VR has emerged as a powerful tool in the selling of real estate. Source: Shutterstock

Singaporean startup aims to revolutionize house hunting with VR

WHILE virtual reality (VR) is commonly associated with the gaming world, it is revolutionizing many industries including retail, education, travel and healthcare. And VR has now emerged as a powerful tool in the selling of real estate, an industry typically faced with inconveniences in timing and location for buyer, seller and realtor alike.

VR tours seek to be a solution to this issue. All that is required is a smartphone app and a VR headset, and with this, users can engage in a virtually guided tour of their dream homes.

This evokes the question: is it necessary for a realtor to be present at a house viewing?

Singaporean proptech startup Panoleh aims to make the lives of both agents and clients easier with VR tours, with particular focus on international buyers.

Singapore startup Panoleh enables users to produce virtual tours in less than 10 minutes. Source: Panoleh.

VR real estate tours aim to make the home-showing process a simple and seamless procedure for clients. The technology allows users to enter a simulated 3D environment where they can get a real feel for the property they are viewing.

Though VR is still relatively new to Singapore, the proptech is taking off with real estate companies who are experimenting with the 3D video tours in order to showcase properties to clients.

These tours can even showcase off-plan properties to prospective buyers, giving them a sense of layouts and floor-plans in a simulated world before construction has even started. Clients can even view samples of materials available in the prospective bathrooms and kitchens of properties.

This VR technology has the potential to save companies a lot of money, replacing the need for a bricks and mortar showroom.

Source: Shutterstock.com

“Panoleh is very effective; it shows all details of my marketing unit and brings only the most qualified buyer. I manage to close a sale with two viewings,” said Mike Xu, associate sales director at KF property network Pte Ltd.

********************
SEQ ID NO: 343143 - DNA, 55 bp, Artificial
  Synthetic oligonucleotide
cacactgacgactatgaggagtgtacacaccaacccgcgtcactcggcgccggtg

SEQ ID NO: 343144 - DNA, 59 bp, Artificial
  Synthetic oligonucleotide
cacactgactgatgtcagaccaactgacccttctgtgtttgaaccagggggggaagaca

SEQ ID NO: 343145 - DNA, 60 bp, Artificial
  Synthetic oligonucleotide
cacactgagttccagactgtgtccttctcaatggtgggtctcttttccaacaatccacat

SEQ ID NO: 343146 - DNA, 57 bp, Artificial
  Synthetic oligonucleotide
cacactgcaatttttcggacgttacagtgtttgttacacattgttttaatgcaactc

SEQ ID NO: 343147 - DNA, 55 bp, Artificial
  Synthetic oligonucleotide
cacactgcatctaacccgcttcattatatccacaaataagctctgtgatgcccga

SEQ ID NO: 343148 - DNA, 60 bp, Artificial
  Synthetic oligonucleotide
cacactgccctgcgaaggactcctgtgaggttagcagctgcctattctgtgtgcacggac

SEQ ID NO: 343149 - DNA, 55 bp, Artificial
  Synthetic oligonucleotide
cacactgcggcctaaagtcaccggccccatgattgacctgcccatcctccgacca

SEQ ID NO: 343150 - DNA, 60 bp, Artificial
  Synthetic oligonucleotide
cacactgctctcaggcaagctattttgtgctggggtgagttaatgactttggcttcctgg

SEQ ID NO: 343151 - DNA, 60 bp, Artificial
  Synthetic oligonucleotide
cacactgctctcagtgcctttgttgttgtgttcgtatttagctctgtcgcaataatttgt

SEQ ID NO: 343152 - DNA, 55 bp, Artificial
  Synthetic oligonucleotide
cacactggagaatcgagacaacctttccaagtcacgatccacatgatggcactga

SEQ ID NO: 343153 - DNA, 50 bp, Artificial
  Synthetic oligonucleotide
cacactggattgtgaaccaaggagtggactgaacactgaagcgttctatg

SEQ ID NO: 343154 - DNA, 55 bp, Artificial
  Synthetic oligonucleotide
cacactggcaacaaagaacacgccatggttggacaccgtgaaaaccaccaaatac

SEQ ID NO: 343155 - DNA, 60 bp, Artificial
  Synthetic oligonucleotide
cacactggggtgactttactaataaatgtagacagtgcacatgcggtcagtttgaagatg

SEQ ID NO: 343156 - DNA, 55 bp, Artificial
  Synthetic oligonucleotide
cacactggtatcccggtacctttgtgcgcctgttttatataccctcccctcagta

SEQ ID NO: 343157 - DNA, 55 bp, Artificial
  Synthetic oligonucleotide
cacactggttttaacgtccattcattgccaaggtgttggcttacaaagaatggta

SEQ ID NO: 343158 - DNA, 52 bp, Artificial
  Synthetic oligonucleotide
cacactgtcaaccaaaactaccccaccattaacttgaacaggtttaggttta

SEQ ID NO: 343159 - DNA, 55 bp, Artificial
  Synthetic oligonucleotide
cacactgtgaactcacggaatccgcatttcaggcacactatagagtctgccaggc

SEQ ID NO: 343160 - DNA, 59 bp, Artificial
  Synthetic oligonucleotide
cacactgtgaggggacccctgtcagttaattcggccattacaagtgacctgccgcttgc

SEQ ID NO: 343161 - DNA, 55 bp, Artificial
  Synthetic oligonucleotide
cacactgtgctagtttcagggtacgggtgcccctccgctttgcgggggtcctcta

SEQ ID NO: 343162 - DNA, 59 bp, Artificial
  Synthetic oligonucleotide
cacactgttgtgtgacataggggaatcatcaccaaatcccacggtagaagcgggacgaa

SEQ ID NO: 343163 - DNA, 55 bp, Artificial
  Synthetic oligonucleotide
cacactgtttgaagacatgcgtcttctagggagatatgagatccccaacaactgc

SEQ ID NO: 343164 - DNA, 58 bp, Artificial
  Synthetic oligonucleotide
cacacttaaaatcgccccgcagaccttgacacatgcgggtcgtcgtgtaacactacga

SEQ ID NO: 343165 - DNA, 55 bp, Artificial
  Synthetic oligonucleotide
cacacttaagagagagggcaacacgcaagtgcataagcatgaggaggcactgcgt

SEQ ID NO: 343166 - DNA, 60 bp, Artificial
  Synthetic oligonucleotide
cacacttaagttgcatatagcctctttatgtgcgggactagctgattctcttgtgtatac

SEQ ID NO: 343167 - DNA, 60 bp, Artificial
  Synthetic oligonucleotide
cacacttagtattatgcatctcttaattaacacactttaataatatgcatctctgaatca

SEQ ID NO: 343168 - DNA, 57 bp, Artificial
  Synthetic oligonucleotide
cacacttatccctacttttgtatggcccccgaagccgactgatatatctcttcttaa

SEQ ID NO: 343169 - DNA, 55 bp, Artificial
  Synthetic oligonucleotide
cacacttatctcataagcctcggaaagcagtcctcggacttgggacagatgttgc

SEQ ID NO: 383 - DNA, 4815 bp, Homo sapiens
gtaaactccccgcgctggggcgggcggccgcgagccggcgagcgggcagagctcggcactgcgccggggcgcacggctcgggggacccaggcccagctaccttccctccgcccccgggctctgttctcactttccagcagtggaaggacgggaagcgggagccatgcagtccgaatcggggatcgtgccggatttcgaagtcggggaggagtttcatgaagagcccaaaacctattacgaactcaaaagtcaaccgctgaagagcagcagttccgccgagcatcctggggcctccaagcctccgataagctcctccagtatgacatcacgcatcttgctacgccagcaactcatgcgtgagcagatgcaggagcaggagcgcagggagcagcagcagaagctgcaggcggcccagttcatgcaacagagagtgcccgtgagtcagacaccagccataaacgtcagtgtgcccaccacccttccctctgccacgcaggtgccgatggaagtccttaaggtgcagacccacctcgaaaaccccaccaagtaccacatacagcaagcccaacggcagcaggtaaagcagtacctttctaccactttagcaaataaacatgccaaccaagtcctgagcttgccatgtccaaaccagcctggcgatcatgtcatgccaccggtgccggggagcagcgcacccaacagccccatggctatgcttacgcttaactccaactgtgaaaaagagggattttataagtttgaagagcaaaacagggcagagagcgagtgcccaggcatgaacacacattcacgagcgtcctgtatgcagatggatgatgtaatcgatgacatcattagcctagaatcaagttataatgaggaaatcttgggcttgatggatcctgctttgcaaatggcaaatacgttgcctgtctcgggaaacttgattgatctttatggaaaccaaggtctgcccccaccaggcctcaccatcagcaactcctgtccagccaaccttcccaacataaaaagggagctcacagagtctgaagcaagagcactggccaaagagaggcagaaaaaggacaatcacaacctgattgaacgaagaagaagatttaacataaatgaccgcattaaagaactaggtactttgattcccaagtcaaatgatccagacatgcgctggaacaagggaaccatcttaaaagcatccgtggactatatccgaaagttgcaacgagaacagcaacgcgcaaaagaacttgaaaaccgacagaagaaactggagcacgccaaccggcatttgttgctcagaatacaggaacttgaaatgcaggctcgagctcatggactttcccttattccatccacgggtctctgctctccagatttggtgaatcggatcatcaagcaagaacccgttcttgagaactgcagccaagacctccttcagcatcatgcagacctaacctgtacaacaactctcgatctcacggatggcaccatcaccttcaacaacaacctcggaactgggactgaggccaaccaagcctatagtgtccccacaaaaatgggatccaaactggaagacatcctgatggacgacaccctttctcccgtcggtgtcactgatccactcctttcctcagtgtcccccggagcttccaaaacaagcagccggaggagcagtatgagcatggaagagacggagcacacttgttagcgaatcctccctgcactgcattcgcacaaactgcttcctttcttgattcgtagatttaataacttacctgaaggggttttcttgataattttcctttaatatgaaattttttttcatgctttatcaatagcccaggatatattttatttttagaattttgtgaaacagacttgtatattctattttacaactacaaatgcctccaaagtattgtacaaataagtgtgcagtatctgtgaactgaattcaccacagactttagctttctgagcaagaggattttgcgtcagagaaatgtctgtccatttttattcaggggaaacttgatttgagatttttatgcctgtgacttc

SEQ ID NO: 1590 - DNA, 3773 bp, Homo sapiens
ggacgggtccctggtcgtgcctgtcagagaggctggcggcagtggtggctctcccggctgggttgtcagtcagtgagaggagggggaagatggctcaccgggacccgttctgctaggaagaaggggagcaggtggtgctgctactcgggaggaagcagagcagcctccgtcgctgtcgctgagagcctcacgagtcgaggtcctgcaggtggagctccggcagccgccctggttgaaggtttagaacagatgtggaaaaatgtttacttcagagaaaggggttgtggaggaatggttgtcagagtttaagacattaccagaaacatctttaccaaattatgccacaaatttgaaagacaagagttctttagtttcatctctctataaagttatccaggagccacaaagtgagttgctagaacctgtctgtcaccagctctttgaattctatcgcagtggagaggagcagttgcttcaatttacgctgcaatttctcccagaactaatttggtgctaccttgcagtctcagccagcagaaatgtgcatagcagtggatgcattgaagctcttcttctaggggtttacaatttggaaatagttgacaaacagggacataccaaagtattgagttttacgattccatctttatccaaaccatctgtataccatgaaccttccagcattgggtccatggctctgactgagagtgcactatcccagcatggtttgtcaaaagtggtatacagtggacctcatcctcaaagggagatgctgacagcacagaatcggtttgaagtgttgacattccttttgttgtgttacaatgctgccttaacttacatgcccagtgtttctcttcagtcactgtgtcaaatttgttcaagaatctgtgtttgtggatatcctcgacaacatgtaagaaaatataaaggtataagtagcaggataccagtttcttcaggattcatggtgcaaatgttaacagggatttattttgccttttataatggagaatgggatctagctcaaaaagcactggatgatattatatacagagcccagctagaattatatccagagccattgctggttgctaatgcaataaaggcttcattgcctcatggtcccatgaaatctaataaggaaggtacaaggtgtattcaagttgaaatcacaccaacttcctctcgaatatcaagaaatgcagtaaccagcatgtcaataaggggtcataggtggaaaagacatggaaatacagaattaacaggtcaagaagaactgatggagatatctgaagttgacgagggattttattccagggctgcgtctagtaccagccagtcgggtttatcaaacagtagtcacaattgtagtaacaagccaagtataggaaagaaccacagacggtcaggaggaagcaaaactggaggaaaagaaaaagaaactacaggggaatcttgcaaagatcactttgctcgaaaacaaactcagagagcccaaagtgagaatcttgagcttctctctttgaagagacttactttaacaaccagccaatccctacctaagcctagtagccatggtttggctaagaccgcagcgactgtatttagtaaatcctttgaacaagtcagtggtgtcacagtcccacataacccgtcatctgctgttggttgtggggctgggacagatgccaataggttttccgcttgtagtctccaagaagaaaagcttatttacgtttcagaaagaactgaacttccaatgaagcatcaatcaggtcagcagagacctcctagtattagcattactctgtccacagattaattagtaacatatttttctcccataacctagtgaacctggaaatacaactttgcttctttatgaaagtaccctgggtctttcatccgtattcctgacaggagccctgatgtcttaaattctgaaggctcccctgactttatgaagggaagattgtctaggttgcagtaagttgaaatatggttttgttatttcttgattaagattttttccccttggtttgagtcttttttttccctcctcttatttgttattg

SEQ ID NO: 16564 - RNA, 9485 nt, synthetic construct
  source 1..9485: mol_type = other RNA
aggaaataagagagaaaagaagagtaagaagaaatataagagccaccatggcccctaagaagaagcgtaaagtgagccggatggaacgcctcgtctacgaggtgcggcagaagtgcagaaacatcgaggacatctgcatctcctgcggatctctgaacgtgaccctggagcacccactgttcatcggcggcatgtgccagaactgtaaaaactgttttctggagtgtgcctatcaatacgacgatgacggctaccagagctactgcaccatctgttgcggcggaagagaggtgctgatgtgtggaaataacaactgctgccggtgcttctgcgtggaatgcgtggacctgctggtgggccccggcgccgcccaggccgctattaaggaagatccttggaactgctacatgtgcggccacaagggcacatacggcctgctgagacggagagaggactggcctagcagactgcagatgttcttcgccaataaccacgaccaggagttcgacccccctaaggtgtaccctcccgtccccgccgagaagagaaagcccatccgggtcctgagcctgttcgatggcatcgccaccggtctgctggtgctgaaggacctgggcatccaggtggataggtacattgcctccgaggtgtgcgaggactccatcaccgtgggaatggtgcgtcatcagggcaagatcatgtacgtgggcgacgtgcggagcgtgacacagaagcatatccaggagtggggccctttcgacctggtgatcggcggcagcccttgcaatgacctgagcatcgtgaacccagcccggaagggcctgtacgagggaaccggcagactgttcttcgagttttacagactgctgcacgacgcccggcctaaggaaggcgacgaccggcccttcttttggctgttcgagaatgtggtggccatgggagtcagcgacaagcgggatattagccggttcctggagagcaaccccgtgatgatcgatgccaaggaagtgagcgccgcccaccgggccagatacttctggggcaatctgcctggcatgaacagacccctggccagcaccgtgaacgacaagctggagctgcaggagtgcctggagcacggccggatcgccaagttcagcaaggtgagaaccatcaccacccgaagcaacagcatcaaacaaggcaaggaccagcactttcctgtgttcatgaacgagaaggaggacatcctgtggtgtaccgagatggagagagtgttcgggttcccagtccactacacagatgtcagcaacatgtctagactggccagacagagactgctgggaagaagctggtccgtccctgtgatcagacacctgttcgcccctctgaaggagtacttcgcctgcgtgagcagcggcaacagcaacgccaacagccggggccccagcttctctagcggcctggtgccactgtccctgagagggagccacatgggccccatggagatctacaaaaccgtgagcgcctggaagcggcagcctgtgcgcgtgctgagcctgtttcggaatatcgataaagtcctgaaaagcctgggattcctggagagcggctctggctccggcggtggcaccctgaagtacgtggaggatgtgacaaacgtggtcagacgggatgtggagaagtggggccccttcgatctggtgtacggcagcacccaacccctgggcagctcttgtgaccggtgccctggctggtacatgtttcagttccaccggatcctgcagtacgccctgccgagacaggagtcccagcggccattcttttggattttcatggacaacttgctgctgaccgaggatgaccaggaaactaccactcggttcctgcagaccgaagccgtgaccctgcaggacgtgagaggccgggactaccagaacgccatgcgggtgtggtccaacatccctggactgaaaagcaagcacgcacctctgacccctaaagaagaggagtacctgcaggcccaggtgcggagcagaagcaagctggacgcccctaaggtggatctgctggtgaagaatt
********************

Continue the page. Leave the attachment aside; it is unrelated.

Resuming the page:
“It saved me so much time, reduced so many ups and downs. I think it’s a must for all agents to use it to close more, close smart,” he added.

With new homes and facilities being very expensive to construct, VR allows clients to have an early input on property design to better conform to their vision.

Robert Kendal, chief executive of Toronto-based Yulio, an app that turns designs into virtual reality scenes, told South China Morning Post that VR could bridge the gap between “designer vision and client perception”.

But the biggest impact VR technology will have on the market is on overseas property purchases. Foreign buyers are becoming increasingly influential in the real estate industry, with Chinese buyers leading the Vancouver markets to skyrocket.

“This is the future of technology and soon buyers will be able to look at properties in Singapore while they’re sitting at dinner in China,” says Panoleh CEO Jackson Chong.

“Prospective buyers will be able to get an intimate feel for a home without going inside and looking.”

Overseas clients can use VR when considering properties in different counties. Virtual tours enable clients to help narrow down which areas to visit in order to make a final decision.

Neo Zheng, an analyst at market research company, International Data Corp told South China Morning Post: “I think for overseas property purchases it’s going to be a necessity… If they want to choose a house from Australia or the United States or Japan, they’re probably going to choose from the VR and then decide to fly to that country.”





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